In an embodiment, the first microelectronic die 318 is a memory die 318 and the structure 319 is an embedded RF transceiver 319. Although structure 318 and structure 319 are depicted as approximately equal in cross-sectional size, they may be of different relative sizes. For example, structure 318 may be sized and placed as seen, but structure 319 may be sized smaller in the Z-dimension and placed entirely within the die-side build-up 324 section of the mounting substrate 310.

In an embodiment, one of the first microelectronic die 318 or the second microelectronic die 319 includes an RFIG tag. In an embodiment, one of the first microelectronic die 318 or the second microelectronic die 319 includes and RF transceiver for wireless communication.

A symmetry line 302 for the processor 334 may be used to define placement of the first microelectronic die 318 and the second microelectronic die 319. As illustrated, a processor hot spot 338, a first die hot spot 340, and a second die hot spot 342 may be spaced apart to allow a more uniform heat soak into the apparatus 301. Relative die placement may be done to improve electrical path length. It may also be done to reduce inductive effects. It may also be done for any combination of these improvements.

In an example embodiment, I/O density within either of the first microelectronic die 318 and the second microelectronic die 319 is in a range between 128 bits/die and 252 bits/die. In an example embodiment, I/O speed between the processor 334 and the first microelectronic die 318 is between 10 Gb/s and 1 Tb/s (tera bits per second). Along a 10 mm edge of either the embedded microelectronic die 318 or 319 as DRAM dice, total bandwidth is from 160 GB/s (giga bytes per second) to 320 GB/s. As a package, the apparatus 301 has a total package bandwidth between 640 GB/s to 6400 GB/s according to an embodiment, where the processor 334 and each microelectronic die 318 or 319 each may operate at or above 256 bits. The I/O speed may run slower below 10 Gb/s (such as below 7 Gb/s) where a given application may be useful at this range.

In an embodiment, communication between the first die 318 (a DRAM die) and the second die 319 runs at an I/O speed between 10 Gb/s and 1 Tb/s.

In an example method embodiment, I/O density was 128 bits for the first die 318 as a DRAM, the I/O speed was at 10 Gb/s, and the total bandwidth of the apparatus 301 was 160 GB/s. In an example method embodiment, I/O density was 256 bits for the first die 318 as a DRAM, the I/O speed was at 100 Gb/s, and the total bandwidth of the apparatus 301 was 6400 GB/s.

FIG. 4 is a cross-section elevation of an apparatus 401 including a mounting substrate 410 for a processor 434 with at least one embedded die according to an example embodiment. The mounting substrate 410 includes a die side 412 to accept the processor 434, and a land side 414 for coupling to outside communication such as a board. The mounting substrate 410 includes a processor footprint on the die side 412 that is entirely occupied by the processor 434.

In an embodiment, a first microelectronic die 418 is embedded in the mounting substrate 410. The first microelectronic die 418 is coupled to at least one processor interconnect 420 that is upon the die side 412 or at least coupled to an interconnect that will be coupled with a processor. In an embodiment, the first microelectronic die 418 may be embedded at least partially in a die-side build-up 424 section of the mounting substrate 410. As illustrated, the first microelectronic die 418 is embedded at least partially in the die-side build-up 424 section of the mounting substrate 410. A second microelectronic die 419 is disposed below an in contact with the first microelectronic die 418. In an embodiment, a third microelectronic die 444 is disposed below and in contact with the second microelectronic die 419. In an embodiment, a subsequent microelectronic die 446 is disposed below the first microelectronic die 418. As illustrated, the subsequent microelectronic die 446 is disposed below and in contact with the third microelectronic die 444.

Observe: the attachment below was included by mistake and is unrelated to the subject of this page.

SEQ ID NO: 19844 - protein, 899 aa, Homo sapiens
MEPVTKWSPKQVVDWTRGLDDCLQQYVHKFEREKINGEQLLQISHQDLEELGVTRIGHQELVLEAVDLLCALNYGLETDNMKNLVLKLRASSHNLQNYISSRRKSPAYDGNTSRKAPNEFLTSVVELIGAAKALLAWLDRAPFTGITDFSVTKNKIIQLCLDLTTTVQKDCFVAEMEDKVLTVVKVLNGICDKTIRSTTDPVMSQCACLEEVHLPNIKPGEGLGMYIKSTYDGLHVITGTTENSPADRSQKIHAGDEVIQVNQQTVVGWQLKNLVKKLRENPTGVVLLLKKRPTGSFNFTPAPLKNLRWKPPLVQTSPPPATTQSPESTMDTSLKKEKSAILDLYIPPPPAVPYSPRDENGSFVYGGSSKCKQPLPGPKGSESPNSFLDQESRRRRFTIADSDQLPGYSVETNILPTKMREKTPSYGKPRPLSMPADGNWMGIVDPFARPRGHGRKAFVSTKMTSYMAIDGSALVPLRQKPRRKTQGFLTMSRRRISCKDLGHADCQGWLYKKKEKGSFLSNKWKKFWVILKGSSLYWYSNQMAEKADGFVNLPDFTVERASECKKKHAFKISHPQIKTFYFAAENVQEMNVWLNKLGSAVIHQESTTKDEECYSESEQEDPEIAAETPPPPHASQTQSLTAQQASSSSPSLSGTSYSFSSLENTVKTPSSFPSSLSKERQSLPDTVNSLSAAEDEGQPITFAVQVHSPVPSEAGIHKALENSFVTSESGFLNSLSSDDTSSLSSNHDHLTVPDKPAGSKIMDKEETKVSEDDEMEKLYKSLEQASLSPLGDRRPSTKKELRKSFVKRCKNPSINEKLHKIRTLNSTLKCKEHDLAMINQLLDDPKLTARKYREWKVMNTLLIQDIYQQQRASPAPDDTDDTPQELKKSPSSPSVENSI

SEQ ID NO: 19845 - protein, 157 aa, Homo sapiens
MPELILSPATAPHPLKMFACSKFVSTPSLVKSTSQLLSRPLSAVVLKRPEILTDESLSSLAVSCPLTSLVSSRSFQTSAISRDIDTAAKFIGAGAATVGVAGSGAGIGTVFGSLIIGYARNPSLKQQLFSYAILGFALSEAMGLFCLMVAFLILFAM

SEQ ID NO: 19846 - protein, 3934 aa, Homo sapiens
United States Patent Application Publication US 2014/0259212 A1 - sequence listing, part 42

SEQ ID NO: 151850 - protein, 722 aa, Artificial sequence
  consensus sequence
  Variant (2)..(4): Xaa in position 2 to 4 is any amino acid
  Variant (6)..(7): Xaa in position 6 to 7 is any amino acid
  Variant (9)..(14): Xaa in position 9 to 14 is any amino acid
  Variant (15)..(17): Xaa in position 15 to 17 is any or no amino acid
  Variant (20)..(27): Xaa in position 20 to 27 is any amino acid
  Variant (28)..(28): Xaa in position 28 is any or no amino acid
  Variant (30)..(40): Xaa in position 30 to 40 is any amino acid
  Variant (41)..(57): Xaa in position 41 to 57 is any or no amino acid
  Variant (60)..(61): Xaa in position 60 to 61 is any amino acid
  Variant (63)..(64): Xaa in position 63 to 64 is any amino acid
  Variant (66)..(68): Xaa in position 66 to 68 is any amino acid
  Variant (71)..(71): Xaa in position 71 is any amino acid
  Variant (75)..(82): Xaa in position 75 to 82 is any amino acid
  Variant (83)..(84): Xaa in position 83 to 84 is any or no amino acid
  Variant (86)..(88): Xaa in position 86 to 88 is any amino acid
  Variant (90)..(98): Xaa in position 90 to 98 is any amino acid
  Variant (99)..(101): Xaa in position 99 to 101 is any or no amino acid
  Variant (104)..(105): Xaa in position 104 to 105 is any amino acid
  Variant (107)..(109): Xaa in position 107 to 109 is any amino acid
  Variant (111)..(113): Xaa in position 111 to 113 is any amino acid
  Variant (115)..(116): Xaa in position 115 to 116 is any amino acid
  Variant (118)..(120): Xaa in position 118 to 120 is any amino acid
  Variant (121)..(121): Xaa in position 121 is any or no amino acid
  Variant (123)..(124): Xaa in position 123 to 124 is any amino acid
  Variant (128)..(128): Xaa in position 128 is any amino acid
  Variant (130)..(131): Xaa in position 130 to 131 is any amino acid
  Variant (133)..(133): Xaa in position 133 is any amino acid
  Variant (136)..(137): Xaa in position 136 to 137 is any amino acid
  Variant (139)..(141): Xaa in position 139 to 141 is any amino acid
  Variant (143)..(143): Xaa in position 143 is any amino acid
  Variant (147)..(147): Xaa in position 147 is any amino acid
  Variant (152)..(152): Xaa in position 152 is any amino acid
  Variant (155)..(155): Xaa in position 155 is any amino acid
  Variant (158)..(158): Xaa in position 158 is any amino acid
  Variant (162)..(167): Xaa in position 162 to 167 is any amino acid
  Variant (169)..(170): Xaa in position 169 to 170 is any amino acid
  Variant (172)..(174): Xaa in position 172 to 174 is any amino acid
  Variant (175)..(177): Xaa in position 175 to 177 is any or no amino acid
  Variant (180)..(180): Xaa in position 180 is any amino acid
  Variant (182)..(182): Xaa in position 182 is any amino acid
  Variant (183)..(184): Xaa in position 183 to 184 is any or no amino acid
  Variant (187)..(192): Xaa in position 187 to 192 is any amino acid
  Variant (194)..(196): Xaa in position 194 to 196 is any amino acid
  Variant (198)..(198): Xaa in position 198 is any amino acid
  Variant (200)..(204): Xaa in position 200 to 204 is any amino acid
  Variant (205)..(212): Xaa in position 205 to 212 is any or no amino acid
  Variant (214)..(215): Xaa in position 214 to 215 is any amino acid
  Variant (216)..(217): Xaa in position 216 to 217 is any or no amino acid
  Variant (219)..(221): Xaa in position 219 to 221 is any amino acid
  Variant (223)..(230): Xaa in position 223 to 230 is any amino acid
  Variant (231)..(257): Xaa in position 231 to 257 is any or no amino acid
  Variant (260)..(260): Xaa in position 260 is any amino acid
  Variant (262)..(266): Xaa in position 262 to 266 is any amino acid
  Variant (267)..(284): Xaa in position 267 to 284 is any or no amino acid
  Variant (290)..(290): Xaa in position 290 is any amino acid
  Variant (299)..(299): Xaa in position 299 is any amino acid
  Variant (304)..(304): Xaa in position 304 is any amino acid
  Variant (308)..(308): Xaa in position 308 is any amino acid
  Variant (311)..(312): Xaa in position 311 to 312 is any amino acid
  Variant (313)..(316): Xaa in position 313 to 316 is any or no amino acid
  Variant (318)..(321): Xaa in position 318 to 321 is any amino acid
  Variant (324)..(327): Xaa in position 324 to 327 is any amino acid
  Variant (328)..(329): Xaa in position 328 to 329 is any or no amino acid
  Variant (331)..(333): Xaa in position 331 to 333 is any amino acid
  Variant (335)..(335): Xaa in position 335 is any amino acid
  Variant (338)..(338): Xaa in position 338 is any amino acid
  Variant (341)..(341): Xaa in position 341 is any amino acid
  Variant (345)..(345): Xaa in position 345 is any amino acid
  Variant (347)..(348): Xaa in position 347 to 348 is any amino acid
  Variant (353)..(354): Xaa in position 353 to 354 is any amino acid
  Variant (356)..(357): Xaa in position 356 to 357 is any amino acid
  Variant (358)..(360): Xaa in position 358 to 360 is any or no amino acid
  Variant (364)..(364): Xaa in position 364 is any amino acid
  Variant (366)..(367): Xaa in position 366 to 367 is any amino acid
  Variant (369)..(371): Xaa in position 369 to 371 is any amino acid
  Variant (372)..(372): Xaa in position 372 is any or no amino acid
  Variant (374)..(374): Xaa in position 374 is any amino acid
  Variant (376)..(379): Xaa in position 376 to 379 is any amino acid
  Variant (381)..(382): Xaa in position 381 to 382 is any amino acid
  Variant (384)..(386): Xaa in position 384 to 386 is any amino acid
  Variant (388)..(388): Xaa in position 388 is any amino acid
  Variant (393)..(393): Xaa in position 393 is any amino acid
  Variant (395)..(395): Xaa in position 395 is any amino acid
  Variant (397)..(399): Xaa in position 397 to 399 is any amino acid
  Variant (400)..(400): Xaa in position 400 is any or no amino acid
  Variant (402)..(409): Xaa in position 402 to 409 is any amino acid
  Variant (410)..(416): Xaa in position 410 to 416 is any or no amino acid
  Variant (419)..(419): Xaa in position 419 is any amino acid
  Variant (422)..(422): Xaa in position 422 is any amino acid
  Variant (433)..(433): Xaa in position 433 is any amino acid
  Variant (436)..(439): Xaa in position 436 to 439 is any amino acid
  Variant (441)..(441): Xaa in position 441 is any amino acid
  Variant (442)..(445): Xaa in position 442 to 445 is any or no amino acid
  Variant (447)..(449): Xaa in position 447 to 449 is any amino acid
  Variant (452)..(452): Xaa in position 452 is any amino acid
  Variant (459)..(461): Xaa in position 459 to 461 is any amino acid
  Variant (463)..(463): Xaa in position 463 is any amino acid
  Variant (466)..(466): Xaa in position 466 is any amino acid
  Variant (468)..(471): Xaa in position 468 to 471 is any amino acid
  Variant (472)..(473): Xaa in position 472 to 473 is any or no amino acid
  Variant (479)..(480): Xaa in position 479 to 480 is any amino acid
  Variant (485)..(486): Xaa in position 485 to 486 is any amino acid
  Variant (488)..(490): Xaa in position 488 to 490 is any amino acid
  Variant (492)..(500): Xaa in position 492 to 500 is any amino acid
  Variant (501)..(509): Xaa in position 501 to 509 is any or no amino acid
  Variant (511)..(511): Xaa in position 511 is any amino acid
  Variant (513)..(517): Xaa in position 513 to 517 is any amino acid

Other structures are seen in this cross section elevation including a through-substrate via 428 according to an embodiment. Communication to the mounting substrate 410 is also made useful with die-side bumps, one of which is depicted with reference numeral 430, and with land-side contacts, one of which is depicted with reference numeral 432.

It can be seen that the first microelectronic die 418 is disposed entirely within the footprint of the processor 434. The second microelectronic die 419 is also disposed partially within the footprint of the processor 434 as well as the third microelectronic die 444 and the subsequent microelectronic die 446. In an embodiment, the first microelectronic die 418 is a memory die according to any of the memory die embodiments set forth in this disclosure. In an embodiment, the second microelectronic die 419 is a memory die according to any of the memory die embodiments set forth in this disclosure. In an embodiment, the third microelectronic die 444 is a memory die according to any of the memory die embodiments set forth in this disclosure. In an embodiment, the subsequent microelectronic die 446 is a memory die according to any of the memory die embodiments set forth in this disclosure.

In an embodiment, each of the microelectronic dice 418, 419, 444, and 446 is a memory die. In an embodiment, the first memory die 418 is a first memory cache that is accessed more frequently by the processor 434 than the any of the second, third, or subsequent memory dice.